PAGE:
Contrary to popular belief, receptors both outside and inside a cell regulate a cellular pathway that is overactive in people with fragile X syndrome, researchers reported Tuesday at the Society for Neuroscience annual meeting in San Diego. The finding could have significant implications for drug treatments of fragile X syndrome.
Spectrum: Autism Research News
Efforts to ease the symptoms of autism are beginning to ramp up, with promising candidates in various stages of testing.
New research shows that behavioral intervention at a young age can improve language and social skills in some children with autism — and that parents may be the best therapists.
A study of mice with tuberous sclerosis — a single-gene disorder that is related to autism — suggests that most forms of autism share a common feature: an imbalance of proteins at the synapse, the junction between neurons. The work was presented Monday at the Society for Neuroscience annual meeting in San Diego.
Researchers have developed the first stem cell system that makes it possible to study the early development of neurons from people with Rett syndrome, a rare disorder on the autism spectrum.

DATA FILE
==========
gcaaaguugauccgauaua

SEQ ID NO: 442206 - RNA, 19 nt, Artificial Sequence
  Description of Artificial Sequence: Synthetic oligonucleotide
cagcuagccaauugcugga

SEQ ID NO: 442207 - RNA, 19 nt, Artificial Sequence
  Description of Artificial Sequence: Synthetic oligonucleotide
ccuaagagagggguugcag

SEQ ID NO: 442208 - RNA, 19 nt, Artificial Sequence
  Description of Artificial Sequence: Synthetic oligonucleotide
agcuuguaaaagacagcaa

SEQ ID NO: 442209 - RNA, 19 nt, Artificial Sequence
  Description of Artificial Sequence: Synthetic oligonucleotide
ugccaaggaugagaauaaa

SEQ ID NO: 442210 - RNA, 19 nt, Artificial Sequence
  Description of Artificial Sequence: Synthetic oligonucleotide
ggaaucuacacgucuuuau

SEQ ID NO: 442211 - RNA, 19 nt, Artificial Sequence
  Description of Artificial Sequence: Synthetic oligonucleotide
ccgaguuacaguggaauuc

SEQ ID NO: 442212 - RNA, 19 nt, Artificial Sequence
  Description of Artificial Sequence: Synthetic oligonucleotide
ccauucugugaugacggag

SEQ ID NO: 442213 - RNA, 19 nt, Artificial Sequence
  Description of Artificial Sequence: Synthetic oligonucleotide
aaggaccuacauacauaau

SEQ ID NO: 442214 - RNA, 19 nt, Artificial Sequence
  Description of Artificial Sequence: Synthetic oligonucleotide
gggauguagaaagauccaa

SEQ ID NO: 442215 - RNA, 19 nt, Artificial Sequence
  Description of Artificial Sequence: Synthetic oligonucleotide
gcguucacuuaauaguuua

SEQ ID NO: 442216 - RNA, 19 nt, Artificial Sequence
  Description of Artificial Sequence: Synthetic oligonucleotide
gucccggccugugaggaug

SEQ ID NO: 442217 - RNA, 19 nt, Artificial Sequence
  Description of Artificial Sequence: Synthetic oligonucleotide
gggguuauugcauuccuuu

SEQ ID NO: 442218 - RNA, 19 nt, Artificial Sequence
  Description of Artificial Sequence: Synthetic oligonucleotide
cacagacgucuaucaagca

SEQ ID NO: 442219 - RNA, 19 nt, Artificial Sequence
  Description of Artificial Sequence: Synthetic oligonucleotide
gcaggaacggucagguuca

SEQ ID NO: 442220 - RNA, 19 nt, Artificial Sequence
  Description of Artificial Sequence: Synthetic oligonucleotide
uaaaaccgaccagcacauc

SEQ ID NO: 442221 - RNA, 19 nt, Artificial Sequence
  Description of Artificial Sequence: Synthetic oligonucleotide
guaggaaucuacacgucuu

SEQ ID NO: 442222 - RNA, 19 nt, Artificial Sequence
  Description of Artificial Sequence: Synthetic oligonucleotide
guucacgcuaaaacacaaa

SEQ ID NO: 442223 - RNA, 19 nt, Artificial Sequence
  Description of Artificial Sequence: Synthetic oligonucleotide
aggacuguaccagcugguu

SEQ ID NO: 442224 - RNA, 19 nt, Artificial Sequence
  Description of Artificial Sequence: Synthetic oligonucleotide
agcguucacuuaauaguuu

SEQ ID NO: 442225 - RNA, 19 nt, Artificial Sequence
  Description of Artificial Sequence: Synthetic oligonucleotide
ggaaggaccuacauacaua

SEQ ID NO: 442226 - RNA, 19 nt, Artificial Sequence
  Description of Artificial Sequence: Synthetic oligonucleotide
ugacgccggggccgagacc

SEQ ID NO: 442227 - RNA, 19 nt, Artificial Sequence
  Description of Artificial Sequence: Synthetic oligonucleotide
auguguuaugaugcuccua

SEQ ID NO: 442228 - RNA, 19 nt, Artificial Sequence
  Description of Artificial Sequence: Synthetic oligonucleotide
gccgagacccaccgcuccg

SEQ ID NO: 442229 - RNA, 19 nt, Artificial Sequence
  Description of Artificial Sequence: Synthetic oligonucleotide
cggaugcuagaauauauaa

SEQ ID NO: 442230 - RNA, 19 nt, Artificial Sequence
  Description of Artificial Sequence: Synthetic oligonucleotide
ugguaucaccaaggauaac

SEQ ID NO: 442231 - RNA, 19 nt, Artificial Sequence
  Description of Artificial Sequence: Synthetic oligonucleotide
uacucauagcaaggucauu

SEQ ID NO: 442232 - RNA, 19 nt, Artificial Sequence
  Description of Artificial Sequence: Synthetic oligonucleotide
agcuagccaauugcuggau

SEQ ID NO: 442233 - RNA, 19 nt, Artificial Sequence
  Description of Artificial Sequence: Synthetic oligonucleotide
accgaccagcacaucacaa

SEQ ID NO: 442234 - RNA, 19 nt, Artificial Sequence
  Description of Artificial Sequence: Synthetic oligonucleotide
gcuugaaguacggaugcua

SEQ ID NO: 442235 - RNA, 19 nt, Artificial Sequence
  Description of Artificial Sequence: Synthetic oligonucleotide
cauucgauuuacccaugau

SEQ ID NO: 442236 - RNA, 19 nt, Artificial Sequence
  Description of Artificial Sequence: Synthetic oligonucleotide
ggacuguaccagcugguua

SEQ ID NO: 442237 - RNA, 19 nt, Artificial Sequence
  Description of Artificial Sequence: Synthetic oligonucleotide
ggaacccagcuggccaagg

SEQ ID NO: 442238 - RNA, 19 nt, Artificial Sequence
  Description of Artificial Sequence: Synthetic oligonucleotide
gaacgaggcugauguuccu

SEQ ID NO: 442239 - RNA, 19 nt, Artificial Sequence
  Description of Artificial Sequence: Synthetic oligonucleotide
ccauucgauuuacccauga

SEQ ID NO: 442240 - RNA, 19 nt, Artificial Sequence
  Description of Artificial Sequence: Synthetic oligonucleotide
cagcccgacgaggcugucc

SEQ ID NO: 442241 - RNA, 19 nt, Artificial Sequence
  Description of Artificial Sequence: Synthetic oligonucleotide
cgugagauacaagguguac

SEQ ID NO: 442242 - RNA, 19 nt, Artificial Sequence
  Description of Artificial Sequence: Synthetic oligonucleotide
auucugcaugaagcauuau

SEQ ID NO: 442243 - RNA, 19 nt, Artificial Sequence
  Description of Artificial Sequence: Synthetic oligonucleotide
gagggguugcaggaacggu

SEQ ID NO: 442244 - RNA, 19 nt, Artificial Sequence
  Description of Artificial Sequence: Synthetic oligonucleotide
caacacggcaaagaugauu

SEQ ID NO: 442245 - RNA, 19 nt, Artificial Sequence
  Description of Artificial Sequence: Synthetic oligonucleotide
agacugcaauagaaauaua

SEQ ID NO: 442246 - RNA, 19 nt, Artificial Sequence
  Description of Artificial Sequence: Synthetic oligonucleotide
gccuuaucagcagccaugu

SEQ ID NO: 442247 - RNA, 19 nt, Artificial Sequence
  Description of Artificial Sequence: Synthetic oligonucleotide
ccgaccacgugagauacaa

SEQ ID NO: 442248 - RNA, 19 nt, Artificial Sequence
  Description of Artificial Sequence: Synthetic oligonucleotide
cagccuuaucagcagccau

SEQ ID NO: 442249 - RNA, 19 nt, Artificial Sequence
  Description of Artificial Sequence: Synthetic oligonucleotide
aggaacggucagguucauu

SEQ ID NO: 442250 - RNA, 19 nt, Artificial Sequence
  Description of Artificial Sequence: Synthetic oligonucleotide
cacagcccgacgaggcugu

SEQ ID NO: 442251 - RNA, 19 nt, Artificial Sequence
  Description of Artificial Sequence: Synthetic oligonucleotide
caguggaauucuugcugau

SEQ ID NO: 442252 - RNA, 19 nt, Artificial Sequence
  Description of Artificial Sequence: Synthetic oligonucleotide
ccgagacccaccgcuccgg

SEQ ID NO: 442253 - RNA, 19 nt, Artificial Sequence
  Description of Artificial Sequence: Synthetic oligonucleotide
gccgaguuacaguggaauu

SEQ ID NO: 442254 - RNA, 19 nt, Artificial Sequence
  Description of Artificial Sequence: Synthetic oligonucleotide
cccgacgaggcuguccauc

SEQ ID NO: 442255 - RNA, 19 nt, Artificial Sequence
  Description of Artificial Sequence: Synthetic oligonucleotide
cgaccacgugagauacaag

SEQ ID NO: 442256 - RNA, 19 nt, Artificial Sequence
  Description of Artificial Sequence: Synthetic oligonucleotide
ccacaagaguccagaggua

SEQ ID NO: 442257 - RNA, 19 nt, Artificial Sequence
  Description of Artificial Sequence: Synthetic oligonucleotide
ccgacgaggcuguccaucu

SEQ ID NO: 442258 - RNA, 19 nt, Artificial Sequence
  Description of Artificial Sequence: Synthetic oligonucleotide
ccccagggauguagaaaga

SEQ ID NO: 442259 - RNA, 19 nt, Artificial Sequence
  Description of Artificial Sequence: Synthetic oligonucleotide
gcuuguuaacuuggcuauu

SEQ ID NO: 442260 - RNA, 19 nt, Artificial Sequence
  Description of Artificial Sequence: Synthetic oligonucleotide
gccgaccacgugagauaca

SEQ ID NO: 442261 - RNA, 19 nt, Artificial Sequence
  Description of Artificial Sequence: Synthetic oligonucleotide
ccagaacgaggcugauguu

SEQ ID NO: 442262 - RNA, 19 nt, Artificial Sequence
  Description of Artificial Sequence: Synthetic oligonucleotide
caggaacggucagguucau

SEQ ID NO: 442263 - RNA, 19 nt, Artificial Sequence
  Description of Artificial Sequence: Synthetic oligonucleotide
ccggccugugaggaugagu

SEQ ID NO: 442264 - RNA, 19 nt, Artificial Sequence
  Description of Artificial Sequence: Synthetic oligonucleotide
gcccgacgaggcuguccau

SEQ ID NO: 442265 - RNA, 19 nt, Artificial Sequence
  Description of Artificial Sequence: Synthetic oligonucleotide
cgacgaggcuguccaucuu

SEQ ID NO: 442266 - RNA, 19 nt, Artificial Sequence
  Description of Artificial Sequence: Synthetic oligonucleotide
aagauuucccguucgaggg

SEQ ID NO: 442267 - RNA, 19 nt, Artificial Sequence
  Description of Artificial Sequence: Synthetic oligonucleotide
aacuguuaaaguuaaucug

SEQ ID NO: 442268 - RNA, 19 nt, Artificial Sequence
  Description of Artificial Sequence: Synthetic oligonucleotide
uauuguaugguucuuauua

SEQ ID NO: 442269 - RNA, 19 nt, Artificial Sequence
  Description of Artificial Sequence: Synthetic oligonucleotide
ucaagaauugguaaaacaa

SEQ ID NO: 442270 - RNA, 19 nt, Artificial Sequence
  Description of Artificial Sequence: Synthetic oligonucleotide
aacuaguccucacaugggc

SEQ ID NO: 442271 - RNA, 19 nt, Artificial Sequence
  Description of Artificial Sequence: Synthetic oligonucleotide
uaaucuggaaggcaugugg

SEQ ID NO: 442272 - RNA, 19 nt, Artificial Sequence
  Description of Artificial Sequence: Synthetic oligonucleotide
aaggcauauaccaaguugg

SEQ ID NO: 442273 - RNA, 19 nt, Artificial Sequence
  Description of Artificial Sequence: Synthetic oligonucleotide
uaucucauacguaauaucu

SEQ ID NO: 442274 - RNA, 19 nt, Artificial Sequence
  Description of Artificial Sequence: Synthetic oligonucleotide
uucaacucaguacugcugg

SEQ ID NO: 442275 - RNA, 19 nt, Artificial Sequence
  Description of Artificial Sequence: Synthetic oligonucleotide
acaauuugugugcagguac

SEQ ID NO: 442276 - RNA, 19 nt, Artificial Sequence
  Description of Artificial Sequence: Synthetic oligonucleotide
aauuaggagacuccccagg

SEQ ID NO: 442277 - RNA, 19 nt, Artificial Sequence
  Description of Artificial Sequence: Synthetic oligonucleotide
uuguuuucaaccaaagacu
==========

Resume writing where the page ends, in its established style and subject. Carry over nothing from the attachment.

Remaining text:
A drug already in clinical trials as a tanning compound raises brain levels of oxytocin — a hormone and neurotransmitter involved in social bonding — researchers reported Sunday at the Society for Neuroscience annual meeting in San Diego. Higher levels of oxytocin can help animals recognize their mates and turn to a friend for help, according to two posters presented at the meeting.
Stem cell studies show that a mutation in the neuroligin-4 gene disrupts the normal development of synapses, the junction between neurons, according to unpublished data shown Sunday at the Society for Neuroscience annual meeting in San Diego.
Oxytocin may activate the mirror neuron system — a group of neurons that is active when people empathize with others — according to a paper published in the November Psychoneuroendocrinology.
An antipsychotic drug often prescribed to treat irritability in children with autism may be more helpful — and cause fewer side effects — depending on an individual’s genetic make-up.